Close to two million buy-to-let property owners are to be made responsible for checking the immigration status of potential tenants. If one were to slip through the net and was discovered, the landlord responsible could face a fine running into thousands of pounds. It is part of an Immigration Bill which will limit the ability of European immigrants to claim benefits and includes measures to prevent criminals from exploiting the right to reside in Britain on the basis of family commitments.
The immediate accusation levelled at the government is that they are forcing ordinary people to take responsibility for policing the immigration system in the wake of now-defunct UK Border Agency’s failings, i.e., passing the buck. A wave of criticism has swept through the lettings industry, with the Residential Landlords Association acknowledging the need to enforce immigration laws, but warning that legally residing tenants will invariably suffer rent increases to cover the costs of further checks on tenants, as failing to do so could result in severe penalties.
Richard Jones, the RLA’s policy director, said, “Whilst the RLA fully supports measures to ensure everyone in the UK is legally allowed to be here, the announcement smacks of political posturing rather than a seriously thought through policy.
“The proposal will not work in practice. Employers have been required to make similar checks but it has made no real difference to the numbers of illegal immigrants in the country.
“For a government committed to reducing the burden of regulation, it is ironic that they are now seeking to impose a significant regulatory burden on landlords, making them scapegoats for the UK Border Agency’s failings.”
Stephen Thornton, director of external affairs at the RICS, said, “The Government has stubbornly refused to look at introducing better laws to protect both landlords and tenants – it is unacceptable that it expects the property industry to deliver its immigration policy.”
Landlords will be expected to seek copies of passports and appropriate visas. However, it is far from clear how landlords are expected to be able to establish the authenticity of the information given to them. Are they really deserving of a stiff fine for being guilty of nothing more than having been deceived?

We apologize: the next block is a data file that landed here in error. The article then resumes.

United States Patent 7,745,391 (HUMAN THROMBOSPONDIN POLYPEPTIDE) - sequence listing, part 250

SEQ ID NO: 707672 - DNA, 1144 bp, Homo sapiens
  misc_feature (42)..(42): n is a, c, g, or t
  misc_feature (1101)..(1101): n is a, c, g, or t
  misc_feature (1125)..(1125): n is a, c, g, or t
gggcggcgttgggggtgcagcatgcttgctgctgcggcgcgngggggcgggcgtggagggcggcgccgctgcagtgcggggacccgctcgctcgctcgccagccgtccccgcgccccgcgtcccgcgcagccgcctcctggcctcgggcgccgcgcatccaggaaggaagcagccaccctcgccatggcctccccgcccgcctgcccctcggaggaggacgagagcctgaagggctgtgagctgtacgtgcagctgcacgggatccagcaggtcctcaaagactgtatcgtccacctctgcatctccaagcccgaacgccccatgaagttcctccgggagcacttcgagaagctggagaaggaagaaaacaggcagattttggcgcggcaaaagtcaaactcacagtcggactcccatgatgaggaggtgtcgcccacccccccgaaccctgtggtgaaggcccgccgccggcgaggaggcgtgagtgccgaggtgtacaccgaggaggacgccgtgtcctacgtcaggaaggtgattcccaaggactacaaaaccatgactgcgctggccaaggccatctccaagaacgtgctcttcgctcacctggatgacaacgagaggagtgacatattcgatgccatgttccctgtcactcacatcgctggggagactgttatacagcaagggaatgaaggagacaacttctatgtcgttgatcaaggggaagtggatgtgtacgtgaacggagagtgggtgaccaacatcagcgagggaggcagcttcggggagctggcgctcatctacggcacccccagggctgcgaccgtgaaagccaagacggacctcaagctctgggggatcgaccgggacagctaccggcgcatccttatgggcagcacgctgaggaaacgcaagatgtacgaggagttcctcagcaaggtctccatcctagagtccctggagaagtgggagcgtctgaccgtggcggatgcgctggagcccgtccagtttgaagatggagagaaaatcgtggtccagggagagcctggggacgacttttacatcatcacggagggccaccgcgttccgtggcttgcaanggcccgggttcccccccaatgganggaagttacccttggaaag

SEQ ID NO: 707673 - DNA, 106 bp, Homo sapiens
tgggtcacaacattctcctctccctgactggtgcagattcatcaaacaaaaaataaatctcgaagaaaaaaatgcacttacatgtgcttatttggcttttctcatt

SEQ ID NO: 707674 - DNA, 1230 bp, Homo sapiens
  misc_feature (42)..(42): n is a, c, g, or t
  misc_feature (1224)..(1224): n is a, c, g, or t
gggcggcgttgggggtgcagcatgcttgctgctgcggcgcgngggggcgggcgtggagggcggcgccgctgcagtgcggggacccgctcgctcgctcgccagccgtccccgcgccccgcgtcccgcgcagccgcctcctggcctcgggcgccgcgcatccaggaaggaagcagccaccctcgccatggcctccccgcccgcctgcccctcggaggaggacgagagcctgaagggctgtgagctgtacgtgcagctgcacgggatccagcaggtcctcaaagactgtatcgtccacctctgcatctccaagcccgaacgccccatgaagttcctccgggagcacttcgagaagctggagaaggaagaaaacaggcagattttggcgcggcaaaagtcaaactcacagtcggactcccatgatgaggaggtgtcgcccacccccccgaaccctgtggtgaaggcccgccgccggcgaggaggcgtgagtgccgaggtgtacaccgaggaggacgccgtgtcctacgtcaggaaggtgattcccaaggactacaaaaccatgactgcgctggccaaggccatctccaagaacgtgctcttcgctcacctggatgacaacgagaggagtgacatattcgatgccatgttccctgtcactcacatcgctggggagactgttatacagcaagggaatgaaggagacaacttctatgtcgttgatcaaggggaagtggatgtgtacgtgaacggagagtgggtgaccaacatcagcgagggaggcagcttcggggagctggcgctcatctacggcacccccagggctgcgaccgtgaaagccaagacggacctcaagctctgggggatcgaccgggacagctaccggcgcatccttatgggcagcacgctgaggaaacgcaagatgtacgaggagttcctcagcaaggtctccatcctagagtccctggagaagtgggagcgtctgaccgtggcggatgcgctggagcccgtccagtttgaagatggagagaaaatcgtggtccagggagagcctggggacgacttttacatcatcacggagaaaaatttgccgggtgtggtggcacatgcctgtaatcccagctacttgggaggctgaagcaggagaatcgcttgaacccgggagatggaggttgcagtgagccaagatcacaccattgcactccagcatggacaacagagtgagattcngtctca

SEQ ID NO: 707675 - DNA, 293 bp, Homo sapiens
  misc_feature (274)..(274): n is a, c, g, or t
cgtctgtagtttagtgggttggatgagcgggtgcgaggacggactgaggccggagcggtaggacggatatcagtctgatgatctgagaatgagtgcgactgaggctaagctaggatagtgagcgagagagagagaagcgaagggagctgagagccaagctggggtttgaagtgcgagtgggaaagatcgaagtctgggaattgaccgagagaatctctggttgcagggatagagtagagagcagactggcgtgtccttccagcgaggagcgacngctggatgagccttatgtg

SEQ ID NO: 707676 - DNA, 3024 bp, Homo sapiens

Stephen Nation, head of lettings at Sequence, said, “If it’s to be the responsibility of all landlords to check passports and visas of foreign tenants, that will lead to questions about how equipped an amateur landlord is at carrying out and verifying these checks.
“These proposals are just passing off the onus of implementation of the Immigration Act on to landlords.”
David Brown, of LSL Property Services, pointed out that more rules forced upon landlords could have detrimental economic consequences, as people could well be put off investing in the industry when they otherwise would have.
Ajay Jagota, of KIS Lettings in the North-East, was also critical, saying, “How will you stop landlords being left in the ridiculous position of inadvertently discriminating on the grounds of race to be on the safe side?
“This already sounds like another poorly thought-out policy from a government which often looks like they’re making it up as they go along. Longer term I can see this proposal having all the impact of an inflatable hammer.
“As is so often the case with issues like this, the vast majority of responsible, sensible landlords will already be ensuring their tenants have a legal right to live in the UK, as deported tenants tend not to pay their rent. The dodgy landlords who don’t, still won’t.
“Of course immigration is a hugely important issue, as are landlords who put tenants in substandard properties and who line their pockets from people’s misery. This proposal does nothing to tackle any of those issues.”
There was one lone voice in the industry that spoke in favour of the new immigration laws. Caroline Kenny, executive of UKALA, said, “This is a logical step and one that will be positively received by the industry, demonstrating better regulation within the private rented sector.
“For the majority of letting agents, highlighting any immigration irregularities is already usual practice by undertaking thorough identity checks, including taking copies of prospective tenants’ passports, as well as work permits and resident visas where appropriate, which are then presented to their landlord clients for approval.”
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